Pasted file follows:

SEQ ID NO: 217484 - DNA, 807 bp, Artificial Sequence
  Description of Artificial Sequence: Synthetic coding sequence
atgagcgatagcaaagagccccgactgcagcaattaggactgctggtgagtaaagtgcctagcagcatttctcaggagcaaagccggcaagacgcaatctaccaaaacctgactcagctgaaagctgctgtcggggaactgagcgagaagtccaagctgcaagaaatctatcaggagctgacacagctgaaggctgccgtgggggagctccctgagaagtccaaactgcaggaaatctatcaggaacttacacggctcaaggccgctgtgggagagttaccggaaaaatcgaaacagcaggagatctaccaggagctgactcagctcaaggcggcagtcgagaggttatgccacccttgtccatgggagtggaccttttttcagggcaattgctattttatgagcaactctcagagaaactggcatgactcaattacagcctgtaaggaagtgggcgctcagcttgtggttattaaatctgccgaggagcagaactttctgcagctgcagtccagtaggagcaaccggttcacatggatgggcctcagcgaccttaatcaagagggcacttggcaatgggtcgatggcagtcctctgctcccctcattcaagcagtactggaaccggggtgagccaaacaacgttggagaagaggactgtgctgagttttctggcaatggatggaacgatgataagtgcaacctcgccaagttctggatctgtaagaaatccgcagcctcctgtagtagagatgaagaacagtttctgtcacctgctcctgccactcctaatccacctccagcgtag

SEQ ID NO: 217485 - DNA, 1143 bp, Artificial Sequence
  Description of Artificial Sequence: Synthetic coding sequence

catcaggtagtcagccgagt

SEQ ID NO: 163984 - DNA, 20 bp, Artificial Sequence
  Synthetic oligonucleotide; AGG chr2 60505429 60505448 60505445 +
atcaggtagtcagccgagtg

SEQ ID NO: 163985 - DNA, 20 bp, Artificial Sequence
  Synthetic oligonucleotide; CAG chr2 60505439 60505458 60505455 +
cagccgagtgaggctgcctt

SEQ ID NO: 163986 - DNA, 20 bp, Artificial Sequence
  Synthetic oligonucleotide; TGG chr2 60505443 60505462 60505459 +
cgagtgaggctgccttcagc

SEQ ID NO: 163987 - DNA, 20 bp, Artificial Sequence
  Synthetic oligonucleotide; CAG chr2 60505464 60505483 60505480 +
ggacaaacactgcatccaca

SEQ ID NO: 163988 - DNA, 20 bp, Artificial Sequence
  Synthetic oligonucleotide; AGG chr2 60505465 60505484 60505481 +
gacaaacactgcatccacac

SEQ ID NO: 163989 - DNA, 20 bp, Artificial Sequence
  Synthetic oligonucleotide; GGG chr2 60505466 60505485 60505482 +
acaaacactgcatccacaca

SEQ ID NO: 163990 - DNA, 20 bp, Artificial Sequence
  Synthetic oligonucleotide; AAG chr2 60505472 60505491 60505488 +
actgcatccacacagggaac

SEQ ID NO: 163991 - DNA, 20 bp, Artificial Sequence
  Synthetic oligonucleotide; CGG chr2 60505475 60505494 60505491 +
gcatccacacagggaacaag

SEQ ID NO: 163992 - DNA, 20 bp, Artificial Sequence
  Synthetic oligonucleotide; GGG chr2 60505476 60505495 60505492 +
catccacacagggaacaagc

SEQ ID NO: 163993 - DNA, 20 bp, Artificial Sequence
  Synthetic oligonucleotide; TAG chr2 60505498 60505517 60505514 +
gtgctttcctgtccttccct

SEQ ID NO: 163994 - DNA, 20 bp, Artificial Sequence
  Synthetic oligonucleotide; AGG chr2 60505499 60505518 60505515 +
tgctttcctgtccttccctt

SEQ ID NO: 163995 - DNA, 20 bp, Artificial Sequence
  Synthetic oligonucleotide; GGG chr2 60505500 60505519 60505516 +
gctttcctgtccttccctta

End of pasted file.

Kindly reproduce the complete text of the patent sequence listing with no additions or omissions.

SEQ ID NO: 217484 - DNA, 807 bp, Artificial Sequence
  Description of Artificial Sequence: Synthetic coding sequence
atgagcgatagcaaagagccccgactgcagcaattaggactgctggtgagtaaagtgcctagcagcatttctcaggagcaaagccggcaagacgcaatctaccaaaacctgactcagctgaaagctgctgtcggggaactgagcgagaagtccaagctgcaagaaatctatcaggagctgacacagctgaaggctgccgtgggggagctccctgagaagtccaaactgcaggaaatctatcaggaacttacacggctcaaggccgctgtgggagagttaccggaaaaatcgaaacagcaggagatctaccaggagctgactcagctcaaggcggcagtcgagaggttatgccacccttgtccatgggagtggaccttttttcagggcaattgctattttatgagcaactctcagagaaactggcatgactcaattacagcctgtaaggaagtgggcgctcagcttgtggttattaaatctgccgaggagcagaactttctgcagctgcagtccagtaggagcaaccggttcacatggatgggcctcagcgaccttaatcaagagggcacttggcaatgggtcgatggcagtcctctgctcccctcattcaagcagtactggaaccggggtgagccaaacaacgttggagaagaggactgtgctgagttttctggcaatggatggaacgatgataagtgcaacctcgccaagttctggatctgtaagaaatccgcagcctcctgtagtagagatgaagaacagtttctgtcacctgctcctgccactcctaatccacctccagcgtag

SEQ ID NO: 217485 - DNA, 1143 bp, Artificial Sequence
  Description of Artificial Sequence: Synthetic coding sequence

catcaggtagtcagccgagt

SEQ ID NO: 163984 - DNA, 20 bp, Artificial Sequence
  Synthetic oligonucleotide; AGG chr2 60505429 60505448 60505445 +
atcaggtagtcagccgagtg

SEQ ID NO: 163985 - DNA, 20 bp, Artificial Sequence
  Synthetic oligonucleotide; CAG chr2 60505439 60505458 60505455 +
cagccgagtgaggctgcctt

SEQ ID NO: 163986 - DNA, 20 bp, Artificial Sequence
  Synthetic oligonucleotide; TGG chr2 60505443 60505462 60505459 +
cgagtgaggctgccttcagc

SEQ ID NO: 163987 - DNA, 20 bp, Artificial Sequence
  Synthetic oligonucleotide; CAG chr2 60505464 60505483 60505480 +
ggacaaacactgcatccaca

SEQ ID NO: 163988 - DNA, 20 bp, Artificial Sequence
  Synthetic oligonucleotide; AGG chr2 60505465 60505484 60505481 +
gacaaacactgcatccacac

SEQ ID NO: 163989 - DNA, 20 bp, Artificial Sequence
  Synthetic oligonucleotide; GGG chr2 60505466 60505485 60505482 +
acaaacactgcatccacaca

SEQ ID NO: 163990 - DNA, 20 bp, Artificial Sequence
  Synthetic oligonucleotide; AAG chr2 60505472 60505491 60505488 +
actgcatccacacagggaac

SEQ ID NO: 163991 - DNA, 20 bp, Artificial Sequence
  Synthetic oligonucleotide; CGG chr2 60505475 60505494 60505491 +
gcatccacacagggaacaag

SEQ ID NO: 163992 - DNA, 20 bp, Artificial Sequence
  Synthetic oligonucleotide; GGG chr2 60505476 60505495 60505492 +
catccacacagggaacaagc

SEQ ID NO: 163993 - DNA, 20 bp, Artificial Sequence
  Synthetic oligonucleotide; TAG chr2 60505498 60505517 60505514 +
gtgctttcctgtccttccct

SEQ ID NO: 163994 - DNA, 20 bp, Artificial Sequence
  Synthetic oligonucleotide; AGG chr2 60505499 60505518 60505515 +
tgctttcctgtccttccctt

SEQ ID NO: 163995 - DNA, 20 bp, Artificial Sequence
  Synthetic oligonucleotide; GGG chr2 60505500 60505519 60505516 +
gctttcctgtccttccctta